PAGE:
Why do so many B2B salespeople fail? A report I read recently stated that 37% of B2B salespeople turnover each year. Staggering. But why is it so difficult to find, hire and develop a successful salesperson? After extensive experience and research on this topic, we’ve discovered 4 main reasons why salespeople don’t perform as expected, and we offer some advice about how to increase your success.
They don’t understand pain and gain
Having good product knowledge is important but in and of itself falls short. As important is teaching your salespeople about how the product/service you sell solves a problem for your buyer. We all have problems, all have pain points. What problem and pain point does your product/service solve?
In our sales training classes we drive home the point that buyers buy for two reasons and two reasons only…
Your salespeople must understand clearly how your product/service solves “pain” and/or provides “gain”. Without this knowledge there’s just no way your salespeople will be able to properly communicate benefits to your buyers. One more thing – they also must be confident that your product/service addresses the pain and gain – not just knowledgeable.
If there’s uncertainty about your buyers’ pain points and what they value most from the products/services you sell, you should invest in some research to determine personas, value drivers and buyer behavior throughout the buying funnel.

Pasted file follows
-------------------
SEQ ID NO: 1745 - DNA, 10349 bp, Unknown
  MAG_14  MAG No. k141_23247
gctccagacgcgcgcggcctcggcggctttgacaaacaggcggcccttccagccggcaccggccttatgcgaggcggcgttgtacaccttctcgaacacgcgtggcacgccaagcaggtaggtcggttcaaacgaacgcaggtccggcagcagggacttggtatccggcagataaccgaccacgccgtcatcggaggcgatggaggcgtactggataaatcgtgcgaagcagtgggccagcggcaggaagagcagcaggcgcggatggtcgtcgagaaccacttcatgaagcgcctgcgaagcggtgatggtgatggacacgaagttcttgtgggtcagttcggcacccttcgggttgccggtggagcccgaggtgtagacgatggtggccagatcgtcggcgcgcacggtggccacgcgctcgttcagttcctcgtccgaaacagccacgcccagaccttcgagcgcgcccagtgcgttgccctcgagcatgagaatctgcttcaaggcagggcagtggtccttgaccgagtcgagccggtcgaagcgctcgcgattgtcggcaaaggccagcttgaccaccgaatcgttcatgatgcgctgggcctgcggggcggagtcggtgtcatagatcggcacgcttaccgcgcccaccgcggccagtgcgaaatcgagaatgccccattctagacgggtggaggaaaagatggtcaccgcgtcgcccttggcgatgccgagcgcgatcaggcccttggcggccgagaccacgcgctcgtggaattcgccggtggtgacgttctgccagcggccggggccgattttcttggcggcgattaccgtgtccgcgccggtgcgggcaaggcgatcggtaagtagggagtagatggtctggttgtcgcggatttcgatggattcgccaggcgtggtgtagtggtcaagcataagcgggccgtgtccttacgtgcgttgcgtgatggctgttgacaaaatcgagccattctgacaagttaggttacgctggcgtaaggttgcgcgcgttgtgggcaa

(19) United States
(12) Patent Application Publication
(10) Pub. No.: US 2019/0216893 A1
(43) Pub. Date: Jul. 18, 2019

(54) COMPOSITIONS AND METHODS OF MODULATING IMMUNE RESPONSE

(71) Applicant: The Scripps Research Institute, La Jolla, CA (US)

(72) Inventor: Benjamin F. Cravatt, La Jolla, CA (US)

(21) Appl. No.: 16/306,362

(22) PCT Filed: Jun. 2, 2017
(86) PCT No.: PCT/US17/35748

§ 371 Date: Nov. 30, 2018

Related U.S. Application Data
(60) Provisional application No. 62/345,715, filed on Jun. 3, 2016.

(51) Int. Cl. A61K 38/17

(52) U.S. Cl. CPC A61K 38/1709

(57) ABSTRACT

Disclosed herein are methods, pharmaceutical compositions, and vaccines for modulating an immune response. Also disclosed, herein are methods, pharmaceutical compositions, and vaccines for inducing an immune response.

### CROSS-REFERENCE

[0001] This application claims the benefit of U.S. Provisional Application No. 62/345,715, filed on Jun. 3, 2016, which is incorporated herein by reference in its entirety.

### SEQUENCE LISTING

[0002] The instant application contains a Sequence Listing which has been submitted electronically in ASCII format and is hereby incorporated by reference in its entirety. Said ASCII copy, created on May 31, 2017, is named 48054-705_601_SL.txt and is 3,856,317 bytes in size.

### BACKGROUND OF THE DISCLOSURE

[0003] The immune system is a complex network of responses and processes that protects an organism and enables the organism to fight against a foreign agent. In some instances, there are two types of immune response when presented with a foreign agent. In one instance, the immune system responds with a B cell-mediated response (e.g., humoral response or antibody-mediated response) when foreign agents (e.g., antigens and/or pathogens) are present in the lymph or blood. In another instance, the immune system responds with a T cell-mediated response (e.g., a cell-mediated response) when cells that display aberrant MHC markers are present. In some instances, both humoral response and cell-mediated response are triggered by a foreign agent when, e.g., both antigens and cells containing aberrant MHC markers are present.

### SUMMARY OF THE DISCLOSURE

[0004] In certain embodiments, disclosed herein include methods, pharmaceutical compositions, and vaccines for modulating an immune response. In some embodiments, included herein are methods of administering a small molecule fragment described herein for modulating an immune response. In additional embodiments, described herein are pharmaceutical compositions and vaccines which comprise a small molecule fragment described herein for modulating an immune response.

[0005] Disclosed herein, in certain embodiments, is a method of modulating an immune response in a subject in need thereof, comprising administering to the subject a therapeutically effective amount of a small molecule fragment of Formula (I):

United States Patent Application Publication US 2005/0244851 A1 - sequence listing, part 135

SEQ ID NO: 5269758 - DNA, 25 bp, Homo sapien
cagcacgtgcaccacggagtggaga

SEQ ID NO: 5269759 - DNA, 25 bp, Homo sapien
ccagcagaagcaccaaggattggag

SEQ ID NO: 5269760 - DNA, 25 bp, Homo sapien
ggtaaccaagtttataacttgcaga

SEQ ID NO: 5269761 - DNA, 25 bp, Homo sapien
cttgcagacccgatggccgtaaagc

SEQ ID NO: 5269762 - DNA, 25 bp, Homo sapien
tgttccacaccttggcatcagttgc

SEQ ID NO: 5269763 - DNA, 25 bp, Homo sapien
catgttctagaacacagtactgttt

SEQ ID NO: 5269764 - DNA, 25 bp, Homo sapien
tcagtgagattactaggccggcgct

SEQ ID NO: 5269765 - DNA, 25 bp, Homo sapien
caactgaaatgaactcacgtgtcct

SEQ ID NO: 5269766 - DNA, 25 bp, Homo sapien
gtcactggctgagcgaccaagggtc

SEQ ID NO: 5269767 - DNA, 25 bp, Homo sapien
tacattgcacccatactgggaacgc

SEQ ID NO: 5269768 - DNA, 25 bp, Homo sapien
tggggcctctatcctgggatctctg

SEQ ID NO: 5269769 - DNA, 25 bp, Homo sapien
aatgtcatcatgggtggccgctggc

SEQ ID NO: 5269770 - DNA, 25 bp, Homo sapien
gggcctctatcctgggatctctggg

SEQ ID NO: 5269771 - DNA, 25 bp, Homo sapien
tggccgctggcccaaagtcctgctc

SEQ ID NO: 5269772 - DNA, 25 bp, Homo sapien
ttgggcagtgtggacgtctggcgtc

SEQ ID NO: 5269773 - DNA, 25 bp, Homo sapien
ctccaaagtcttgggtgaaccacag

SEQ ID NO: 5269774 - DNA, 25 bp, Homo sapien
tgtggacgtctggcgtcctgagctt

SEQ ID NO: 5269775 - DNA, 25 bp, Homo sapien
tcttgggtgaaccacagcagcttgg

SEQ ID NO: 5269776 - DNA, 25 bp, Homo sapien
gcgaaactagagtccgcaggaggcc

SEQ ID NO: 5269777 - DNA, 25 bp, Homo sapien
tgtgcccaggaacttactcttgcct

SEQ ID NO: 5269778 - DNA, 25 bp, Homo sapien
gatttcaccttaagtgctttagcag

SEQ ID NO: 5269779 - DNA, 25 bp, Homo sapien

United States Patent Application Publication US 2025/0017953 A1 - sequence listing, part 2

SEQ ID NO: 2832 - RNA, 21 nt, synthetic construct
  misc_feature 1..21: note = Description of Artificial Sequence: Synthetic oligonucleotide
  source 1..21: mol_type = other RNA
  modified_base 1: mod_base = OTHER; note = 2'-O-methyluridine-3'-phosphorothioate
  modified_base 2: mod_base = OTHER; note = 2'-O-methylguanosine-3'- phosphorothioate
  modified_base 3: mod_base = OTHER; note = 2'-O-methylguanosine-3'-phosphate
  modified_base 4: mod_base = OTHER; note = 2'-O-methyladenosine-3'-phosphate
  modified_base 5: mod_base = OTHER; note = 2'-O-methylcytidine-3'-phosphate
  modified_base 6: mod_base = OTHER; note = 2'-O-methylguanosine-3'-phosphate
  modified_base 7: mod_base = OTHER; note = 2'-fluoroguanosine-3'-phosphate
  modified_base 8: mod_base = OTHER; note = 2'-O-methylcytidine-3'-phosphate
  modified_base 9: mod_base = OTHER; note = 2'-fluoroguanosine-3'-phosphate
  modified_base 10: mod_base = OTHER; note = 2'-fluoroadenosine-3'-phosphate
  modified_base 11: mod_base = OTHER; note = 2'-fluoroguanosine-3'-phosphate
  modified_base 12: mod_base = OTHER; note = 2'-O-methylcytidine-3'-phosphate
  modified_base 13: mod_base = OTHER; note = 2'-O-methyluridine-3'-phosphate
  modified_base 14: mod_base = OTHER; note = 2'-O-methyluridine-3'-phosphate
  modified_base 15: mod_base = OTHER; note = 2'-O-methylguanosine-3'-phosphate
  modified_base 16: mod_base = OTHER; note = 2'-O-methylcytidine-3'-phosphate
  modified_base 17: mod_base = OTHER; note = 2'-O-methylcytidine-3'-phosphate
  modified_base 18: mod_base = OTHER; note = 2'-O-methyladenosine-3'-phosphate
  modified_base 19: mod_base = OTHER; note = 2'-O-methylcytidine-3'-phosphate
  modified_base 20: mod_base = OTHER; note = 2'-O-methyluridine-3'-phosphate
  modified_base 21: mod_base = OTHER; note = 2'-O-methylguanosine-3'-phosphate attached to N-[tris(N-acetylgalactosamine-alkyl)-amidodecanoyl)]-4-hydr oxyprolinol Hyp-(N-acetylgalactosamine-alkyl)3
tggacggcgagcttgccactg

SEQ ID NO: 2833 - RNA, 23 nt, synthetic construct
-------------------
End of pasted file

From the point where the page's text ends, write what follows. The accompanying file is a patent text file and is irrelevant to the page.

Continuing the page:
In many ways sales is a numbers game. You see enough qualified prospects, you connect with enough people, make enough proposals, you’ll make sales. Naturally you also have to have good sales skills, the right attitude (see below), and a good sales process – but you need to invest time to manage “the beast” that’s hopefully inside your salesperson.
The use of lead metrics is critical. After all, you cannot manage the outcomes, you can only manage the inputs. These inputs include things like
- How many networking events were attended and how many quality people were met
- How many cold calls were made and how many appointments scheduled
- How many people were added to your marketing database and how often are they touched
You get the idea. Effective ongoing supervision of salespeople must be focused on managing the inputs – the lead activities that will result in sales. Since sales requires an ongoing stream of activity, a weekly review of sales inputs is very important. In some cases when you are dealing with a new salesperson or someone not performing well, daily reviews of inputs are often necessary.
Additionally, a good salesperson is usually an optimist. If your supervision is always negative vs. constructive and developmental, you’ll quickly turn the optimist into a naysayer, not a trait typically found in a successful salesperson.
Do you have a defined lead generation, lead nurturing and sales process? If you don’t, your salespeople will be far less productive. Your sales process should include the following